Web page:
“We also found the board has not established adequate internal controls over cash disbursements,” according to the audit.

And town officials agreed to pay the Colonie Youth Center $200,000 over and above the $10,400 in budgeted monthly payments despite the town’s worsening financial condition.

The audit also found that during 2003 through 2006 the town transferred approximately $12.5 million from the landfill fund to the general fund to finance the cost of general fund operations and enhance general fund cash flow. “These transfers contributed to the landfill deficit.”

In other observations, the audit said:

* The fact that no one is reviewing checks being written could “result in errors or irregularities occurring and going undetected and uncorrected.”

* The town needs to plan to pay for the landfill’s future closure.

* The board should adopt policies to ensure the supervisor’s office “independently verifies appropriateness of all cash disbursements.”

When she campaigned for supervisor, Mahan focused on the town’s poor financial state after Moody’s issued a low bond rating.

Several weeks ago, Mahan announced that the deficit was $14 million, much higher than the $8.5 million that had been projected.

She said Wednesday it was the responsibility of Brizzell and the previous Town Board and administration to manage town finances. “Looking at what’s been going on, they haven’t followed through on their responsibilities,” she said.

Under Brizzell, department heads were trying to cut waste and save money and were working under conditions they thought were real. “They thought there was plenty of money and there was no need for concern.”

She said this poor fiscal management dates back at least six years.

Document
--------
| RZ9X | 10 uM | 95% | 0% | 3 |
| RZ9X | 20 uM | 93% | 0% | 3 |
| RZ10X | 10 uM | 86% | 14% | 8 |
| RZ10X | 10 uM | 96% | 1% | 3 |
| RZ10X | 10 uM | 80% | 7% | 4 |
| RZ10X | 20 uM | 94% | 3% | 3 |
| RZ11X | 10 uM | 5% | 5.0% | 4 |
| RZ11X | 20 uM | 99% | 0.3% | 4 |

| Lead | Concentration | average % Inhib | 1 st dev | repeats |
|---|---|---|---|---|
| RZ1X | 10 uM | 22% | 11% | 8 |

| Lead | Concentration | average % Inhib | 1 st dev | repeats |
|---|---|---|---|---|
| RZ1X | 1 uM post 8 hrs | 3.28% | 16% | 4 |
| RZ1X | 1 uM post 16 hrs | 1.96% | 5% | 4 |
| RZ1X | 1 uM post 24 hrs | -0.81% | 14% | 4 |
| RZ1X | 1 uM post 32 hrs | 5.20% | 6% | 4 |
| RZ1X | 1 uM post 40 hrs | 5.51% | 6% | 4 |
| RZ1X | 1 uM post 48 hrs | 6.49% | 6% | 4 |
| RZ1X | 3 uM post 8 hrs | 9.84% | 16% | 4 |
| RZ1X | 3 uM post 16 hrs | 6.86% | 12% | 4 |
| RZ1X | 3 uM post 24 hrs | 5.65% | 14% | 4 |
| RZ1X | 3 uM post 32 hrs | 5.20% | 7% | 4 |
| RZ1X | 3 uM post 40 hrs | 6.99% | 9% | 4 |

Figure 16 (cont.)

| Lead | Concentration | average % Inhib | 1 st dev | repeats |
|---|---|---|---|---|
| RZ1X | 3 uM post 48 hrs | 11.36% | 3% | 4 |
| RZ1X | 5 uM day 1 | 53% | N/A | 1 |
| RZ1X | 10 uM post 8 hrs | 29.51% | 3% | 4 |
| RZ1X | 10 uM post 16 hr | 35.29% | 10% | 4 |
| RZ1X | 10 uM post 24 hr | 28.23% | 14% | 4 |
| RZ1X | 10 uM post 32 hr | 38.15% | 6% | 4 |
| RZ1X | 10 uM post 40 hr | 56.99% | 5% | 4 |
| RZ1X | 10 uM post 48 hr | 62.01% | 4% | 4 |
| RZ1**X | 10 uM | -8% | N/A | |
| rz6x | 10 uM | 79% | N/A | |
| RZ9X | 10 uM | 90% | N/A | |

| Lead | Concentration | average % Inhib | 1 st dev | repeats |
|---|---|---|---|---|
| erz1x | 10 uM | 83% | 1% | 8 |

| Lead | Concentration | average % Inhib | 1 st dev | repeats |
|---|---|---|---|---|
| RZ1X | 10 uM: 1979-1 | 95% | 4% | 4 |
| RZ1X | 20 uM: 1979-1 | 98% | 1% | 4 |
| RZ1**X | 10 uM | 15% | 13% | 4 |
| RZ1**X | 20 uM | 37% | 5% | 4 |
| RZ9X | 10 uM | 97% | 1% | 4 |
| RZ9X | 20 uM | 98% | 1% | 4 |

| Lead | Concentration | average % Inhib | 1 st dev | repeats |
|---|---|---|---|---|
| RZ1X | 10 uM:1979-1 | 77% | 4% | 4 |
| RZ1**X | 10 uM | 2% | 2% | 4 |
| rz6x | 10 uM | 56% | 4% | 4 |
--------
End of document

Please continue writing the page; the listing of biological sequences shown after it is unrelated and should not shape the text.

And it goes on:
She also said that no single finding in the audit surprised her. “In the beginning, when I started researching, it was hard to comprehend. Now that I have been working on it for seven weeks, it all seems to make sense,” she said.

Mahan estimates it will take 10 years to stabilize the town.

With a deficit this size, Mahan said increasing taxes is very likely, but she wants to lessen impact on town residents.

With the right plan and discipline, the town can stabilize its finances and become financially healthy again, she said.

The goal now is to reduce the deficit to zero, build a surplus and protect the future of the town, Mahan said.

“It is what it is,” she said. “I’m in the same boat as everyone. I’m a resident. I think it’s very sad it came to this. Bottom line is it’s a great town and I’m confident we will be strong again.”

DiNapoli recommended that town officials:

* Estimate revenues, expenditures and available fund balances more conservatively in future town budgets and develop a comprehensive plan for resolving the deficit, fund balances and cash flow deficiencies

* Review state law regarding the use of sales tax revenues and consult with the town attorney to ensure compliance with the statute

* Review all internal fund-to-fund cash advances and eliminate them by the end of the fiscal year.

The town’s 2007 budget was $79.4 million, which is funded by real property taxes, sales taxes, user changes and state aid.

Categories: Schenectady County